A research team at the University of Michigan would like Smart Homes to check their privilege (but not in the politically correct way). The team analyzed Samsung’s SmartThings platform in an extensive project and determined that about 55% of the applications available have too much access to devices, all applications have access to the whole device, and the applications are not particularly well secured. In short, the apps have too much privilege and should be secured. Unfortunately for the Smart Home user, this makes them susceptible to thermostat revenge, stalking, and strangers grousing at their children. Also, lightbulb sabotage exists. As does toilet hacking.
So, what to do if you wish to make your home super smart? For starters, smart devices typically come with default passwords. Change them. Secure your router with one of those annoying passwords that have dollar signs and capital letters. Stash your devices under the bed and update software frequently (don’t actually hide the devices under the bed. The idea is to prevent easy tampering in the event of suspicious persons sneaking around your house). If this makes you feel like you’re in a war zone, just wait until some prankster makes your $5000 toilet spray you. Then it’s on.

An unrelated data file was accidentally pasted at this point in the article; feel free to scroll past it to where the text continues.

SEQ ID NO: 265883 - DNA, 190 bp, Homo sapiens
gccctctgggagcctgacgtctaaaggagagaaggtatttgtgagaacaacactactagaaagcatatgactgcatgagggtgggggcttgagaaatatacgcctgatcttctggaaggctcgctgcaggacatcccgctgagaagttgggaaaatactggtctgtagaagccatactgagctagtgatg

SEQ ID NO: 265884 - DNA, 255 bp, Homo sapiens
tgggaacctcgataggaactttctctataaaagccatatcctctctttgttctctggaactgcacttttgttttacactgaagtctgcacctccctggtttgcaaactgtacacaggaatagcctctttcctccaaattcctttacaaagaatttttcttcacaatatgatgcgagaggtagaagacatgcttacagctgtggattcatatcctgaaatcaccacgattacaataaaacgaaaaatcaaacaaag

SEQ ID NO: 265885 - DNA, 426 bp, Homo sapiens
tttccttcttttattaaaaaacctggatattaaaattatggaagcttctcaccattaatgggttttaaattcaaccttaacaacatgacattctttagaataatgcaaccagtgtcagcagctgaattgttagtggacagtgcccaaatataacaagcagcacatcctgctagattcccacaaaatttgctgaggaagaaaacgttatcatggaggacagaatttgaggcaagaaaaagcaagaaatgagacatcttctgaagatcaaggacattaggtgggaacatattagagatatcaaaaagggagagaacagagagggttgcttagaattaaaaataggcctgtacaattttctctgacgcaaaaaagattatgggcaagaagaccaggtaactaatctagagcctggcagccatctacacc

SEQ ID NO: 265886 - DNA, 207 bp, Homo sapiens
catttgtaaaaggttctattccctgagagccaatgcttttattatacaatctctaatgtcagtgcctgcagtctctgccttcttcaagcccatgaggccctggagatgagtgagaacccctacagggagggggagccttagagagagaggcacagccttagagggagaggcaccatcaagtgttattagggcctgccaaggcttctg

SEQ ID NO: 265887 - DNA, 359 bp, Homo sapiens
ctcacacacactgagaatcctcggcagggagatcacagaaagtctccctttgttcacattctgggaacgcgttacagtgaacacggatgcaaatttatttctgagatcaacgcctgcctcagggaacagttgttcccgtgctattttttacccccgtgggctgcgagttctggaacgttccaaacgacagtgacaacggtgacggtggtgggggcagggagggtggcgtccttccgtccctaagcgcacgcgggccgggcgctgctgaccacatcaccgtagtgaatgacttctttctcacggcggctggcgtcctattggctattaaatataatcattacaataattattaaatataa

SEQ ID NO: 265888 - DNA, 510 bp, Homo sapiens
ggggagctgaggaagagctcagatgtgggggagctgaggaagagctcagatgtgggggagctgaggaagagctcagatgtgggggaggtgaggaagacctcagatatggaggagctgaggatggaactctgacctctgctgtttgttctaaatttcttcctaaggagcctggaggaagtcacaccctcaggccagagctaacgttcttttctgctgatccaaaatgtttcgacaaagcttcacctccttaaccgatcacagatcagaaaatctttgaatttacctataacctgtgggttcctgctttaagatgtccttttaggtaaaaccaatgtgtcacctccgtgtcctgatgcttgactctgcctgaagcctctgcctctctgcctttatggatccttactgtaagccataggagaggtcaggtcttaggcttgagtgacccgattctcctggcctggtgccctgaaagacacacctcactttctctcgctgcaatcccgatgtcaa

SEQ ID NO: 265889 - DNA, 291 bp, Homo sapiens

The important thing to keep in mind, if nothing else, is that every additional connected device is another door for a hacker to kick down. So, more security and passwords and encryption and other such things are always a good way to go. As a backup measure, should you be feeling paranoid, there are also websites floating around (insecam.com, for example) where you can stare at badly secured security cameras and watch the world go by. You might find yourself finding yourself.